Family Services Committee Meeting
December 8, 2015

In attendance: Jane Banks, CHD, Toni Bator, HAPHousing, Mary Grace Biastoff, TPP, Yoshi Bird, CHD, Ashley Brehm, HAPHousing, Sarah Cloutier, YWCA, Hillary Cronin, VA-Northampton, Libby Hayes, Homes for Families, Sean Hemingway, CHD, Jane Lindfors, DTA-DV unit, Luz Marcano, Dept. of Veterans Affairs, Gerry McCafferty, City of Springfield, Christian Merrill, CHD, Donna Nadeau, DHCD, Lizzy Ortiz, City of Springfield, Steve Plummer, Springfield Partners, Jordana O’Connell, CHD, Jenni Pothier, TPP, Evelyn River, WomanShelter, Pamela Schwartz, Network, Linn Torto, MA ICHH, Rachel Trant, DCF, Lauren Voyer, HAPHousing, Jennifer Wands, Springfield Public Schools,

We welcomed Linn Torto, executive director of the MA Interagency Council on Housing and Homelessness, and Libby Hayes, executive director of Homes for Families.

Report out on DV/homelessness

The new sub-committee on DV/homelessness met for the first time earlier this week and confirmed its mission:

We agreed that we will include in our work both individuals and families who suffer from domestic violence and the risk or experience of homelessness.

Robyn Kennedy of EOHHS and Rose Evans of DHCD, co-chairs of the Integrated Task Force working on this issue, offered to come out and visit with our committee to exchange information and discuss ways to collaborate. Pamela will schedule in the near future.

Secure Jobs Update
Ashley Brehm of HAPHousing, program director of Secure Jobs, provided an update on the program (click here for attachment). The program is on track for meeting or exceeding its placement goals this fiscal year. Ashley shared the great success among partners, including HAP’s job developers working in partnership with the Career Center and housing stabilization workers. We discussed the greatest challenges, which include lack of child care (the limitations of both the DTA and DHCD vouchers) and the need for greater cross-agency collaboration and policymaking to prevent disincentives from working.

Linn noted that she is meeting with agency leaders and staff in both DTA and DHCD around this issue and looks forward to continuing discussions and problem solving (and feedback from Secure Jobs as the discussions unfold).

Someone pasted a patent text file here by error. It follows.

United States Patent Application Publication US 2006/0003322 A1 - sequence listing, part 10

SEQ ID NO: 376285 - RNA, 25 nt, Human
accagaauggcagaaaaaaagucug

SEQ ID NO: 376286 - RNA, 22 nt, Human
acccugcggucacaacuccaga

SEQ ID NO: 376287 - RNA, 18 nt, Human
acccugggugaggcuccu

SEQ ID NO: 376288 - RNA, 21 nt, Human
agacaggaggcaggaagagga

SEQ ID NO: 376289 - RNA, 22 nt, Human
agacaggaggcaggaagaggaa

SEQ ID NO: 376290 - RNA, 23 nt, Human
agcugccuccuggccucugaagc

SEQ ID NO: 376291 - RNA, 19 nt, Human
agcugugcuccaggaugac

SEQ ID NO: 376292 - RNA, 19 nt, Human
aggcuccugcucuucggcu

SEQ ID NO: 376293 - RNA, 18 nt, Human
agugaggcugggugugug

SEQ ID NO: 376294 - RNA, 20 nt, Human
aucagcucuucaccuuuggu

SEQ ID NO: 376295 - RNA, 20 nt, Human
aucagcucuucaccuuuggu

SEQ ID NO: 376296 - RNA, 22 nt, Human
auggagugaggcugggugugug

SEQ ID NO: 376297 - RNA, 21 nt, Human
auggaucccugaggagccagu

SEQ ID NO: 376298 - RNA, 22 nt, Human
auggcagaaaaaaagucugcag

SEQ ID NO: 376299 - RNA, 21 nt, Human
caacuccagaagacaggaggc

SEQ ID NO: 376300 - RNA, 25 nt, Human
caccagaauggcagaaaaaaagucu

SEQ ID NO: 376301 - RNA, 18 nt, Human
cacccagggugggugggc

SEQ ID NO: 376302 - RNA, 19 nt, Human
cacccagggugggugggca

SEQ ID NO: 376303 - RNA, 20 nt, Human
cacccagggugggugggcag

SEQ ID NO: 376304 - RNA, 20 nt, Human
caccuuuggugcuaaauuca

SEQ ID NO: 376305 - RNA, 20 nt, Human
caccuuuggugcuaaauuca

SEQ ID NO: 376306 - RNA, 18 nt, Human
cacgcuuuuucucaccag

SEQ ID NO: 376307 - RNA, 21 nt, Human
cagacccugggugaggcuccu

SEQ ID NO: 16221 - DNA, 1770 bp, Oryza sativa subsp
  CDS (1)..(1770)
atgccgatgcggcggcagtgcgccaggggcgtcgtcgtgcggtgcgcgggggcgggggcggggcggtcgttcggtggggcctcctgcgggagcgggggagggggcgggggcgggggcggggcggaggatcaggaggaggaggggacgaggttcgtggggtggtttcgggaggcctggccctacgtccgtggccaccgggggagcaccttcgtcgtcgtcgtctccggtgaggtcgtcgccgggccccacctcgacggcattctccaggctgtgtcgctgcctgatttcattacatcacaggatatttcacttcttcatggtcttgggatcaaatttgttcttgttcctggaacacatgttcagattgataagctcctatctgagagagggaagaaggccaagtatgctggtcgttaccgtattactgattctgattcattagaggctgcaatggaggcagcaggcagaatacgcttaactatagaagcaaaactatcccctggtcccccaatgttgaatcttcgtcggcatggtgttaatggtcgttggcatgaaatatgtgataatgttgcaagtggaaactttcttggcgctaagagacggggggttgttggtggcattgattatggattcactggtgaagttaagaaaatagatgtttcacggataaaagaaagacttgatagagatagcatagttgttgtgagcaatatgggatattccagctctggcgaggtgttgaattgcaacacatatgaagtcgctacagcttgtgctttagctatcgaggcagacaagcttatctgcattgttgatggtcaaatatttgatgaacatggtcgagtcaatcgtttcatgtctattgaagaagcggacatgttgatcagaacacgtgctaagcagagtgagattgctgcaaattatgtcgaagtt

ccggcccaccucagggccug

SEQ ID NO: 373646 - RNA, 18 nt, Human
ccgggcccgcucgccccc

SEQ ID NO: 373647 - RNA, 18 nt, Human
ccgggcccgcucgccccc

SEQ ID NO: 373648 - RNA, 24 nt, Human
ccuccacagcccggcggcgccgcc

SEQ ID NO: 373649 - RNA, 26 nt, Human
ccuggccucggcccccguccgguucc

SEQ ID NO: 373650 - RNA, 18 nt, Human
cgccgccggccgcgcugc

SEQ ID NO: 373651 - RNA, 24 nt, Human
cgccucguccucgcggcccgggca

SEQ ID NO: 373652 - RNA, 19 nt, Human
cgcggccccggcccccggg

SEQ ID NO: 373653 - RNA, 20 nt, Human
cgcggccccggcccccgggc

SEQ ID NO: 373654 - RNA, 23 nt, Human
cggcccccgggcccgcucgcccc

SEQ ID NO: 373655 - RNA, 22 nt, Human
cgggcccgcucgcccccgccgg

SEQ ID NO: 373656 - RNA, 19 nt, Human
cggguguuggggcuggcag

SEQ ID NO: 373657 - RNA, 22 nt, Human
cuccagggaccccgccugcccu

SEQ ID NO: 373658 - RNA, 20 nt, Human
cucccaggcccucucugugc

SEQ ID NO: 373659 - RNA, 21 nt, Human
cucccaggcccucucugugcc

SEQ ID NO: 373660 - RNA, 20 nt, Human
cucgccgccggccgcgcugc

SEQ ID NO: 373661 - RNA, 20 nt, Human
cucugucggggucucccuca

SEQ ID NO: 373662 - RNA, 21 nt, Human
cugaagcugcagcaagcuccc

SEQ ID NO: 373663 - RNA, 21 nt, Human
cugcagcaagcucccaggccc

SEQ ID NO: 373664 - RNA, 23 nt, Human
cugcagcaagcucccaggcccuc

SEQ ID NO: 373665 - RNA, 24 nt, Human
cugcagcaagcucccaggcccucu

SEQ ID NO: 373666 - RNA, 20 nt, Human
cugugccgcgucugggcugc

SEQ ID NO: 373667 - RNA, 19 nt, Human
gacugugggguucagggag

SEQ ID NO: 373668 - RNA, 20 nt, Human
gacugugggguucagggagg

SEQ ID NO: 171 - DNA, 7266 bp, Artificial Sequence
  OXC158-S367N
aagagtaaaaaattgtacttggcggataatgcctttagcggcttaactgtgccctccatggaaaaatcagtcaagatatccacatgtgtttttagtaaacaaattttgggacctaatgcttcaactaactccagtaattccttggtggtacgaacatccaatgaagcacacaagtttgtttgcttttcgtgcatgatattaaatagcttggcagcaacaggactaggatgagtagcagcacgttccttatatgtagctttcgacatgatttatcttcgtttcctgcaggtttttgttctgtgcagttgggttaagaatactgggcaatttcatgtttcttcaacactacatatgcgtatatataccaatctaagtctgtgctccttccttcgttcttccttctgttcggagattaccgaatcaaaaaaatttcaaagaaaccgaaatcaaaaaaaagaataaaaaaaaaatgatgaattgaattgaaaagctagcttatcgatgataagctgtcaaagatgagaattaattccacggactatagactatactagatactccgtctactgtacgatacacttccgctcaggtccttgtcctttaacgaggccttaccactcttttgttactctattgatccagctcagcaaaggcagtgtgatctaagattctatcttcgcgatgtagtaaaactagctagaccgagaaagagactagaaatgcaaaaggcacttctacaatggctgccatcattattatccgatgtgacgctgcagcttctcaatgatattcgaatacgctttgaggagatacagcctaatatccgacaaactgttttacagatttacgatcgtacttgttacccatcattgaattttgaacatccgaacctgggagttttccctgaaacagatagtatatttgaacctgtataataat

Chronically Homeless families – Coordinated assessment and referral for Permanent Supportive Housing (PSH)

Gerry McCafferty of the City of Springfield provided an update on this effort to prioritize PSH for chronically homeless (CH) families in Hampden County. PSH providers have worked in close collaboration to conduct VI-SPDAT assessments for all CH families. 32 CH families were identified in Hampden County (working with DHCD to obtain the data).   Three families are moving into PSH on 12/15 and another 5 families are in the process of being housed. Meaningful progress is being made on housing the longest stayers in shelter. We shared congratulations on this exciting effort.

Gerry asked that anyone working with a CH families should be in contact with her in order to get incorporated and appropriately prioritized on the list.

Gerry also noted that she is running data reports to identify veteran families in the shelter family system (and identified two thus far). She will connect them to veteran resources (Linn noted that Chapter 115 offers to benefits to children of veterans even if parents are not married or together).

Libby Hayes, Homes for Families

Libby shared information about Homes for Families’ Annual Vision Day event, which brings together families and shelter providers from across the state to share experience and feedback on the challenges they face and the services they receive (fantastic representation from Western MA!). Click here for recommendations.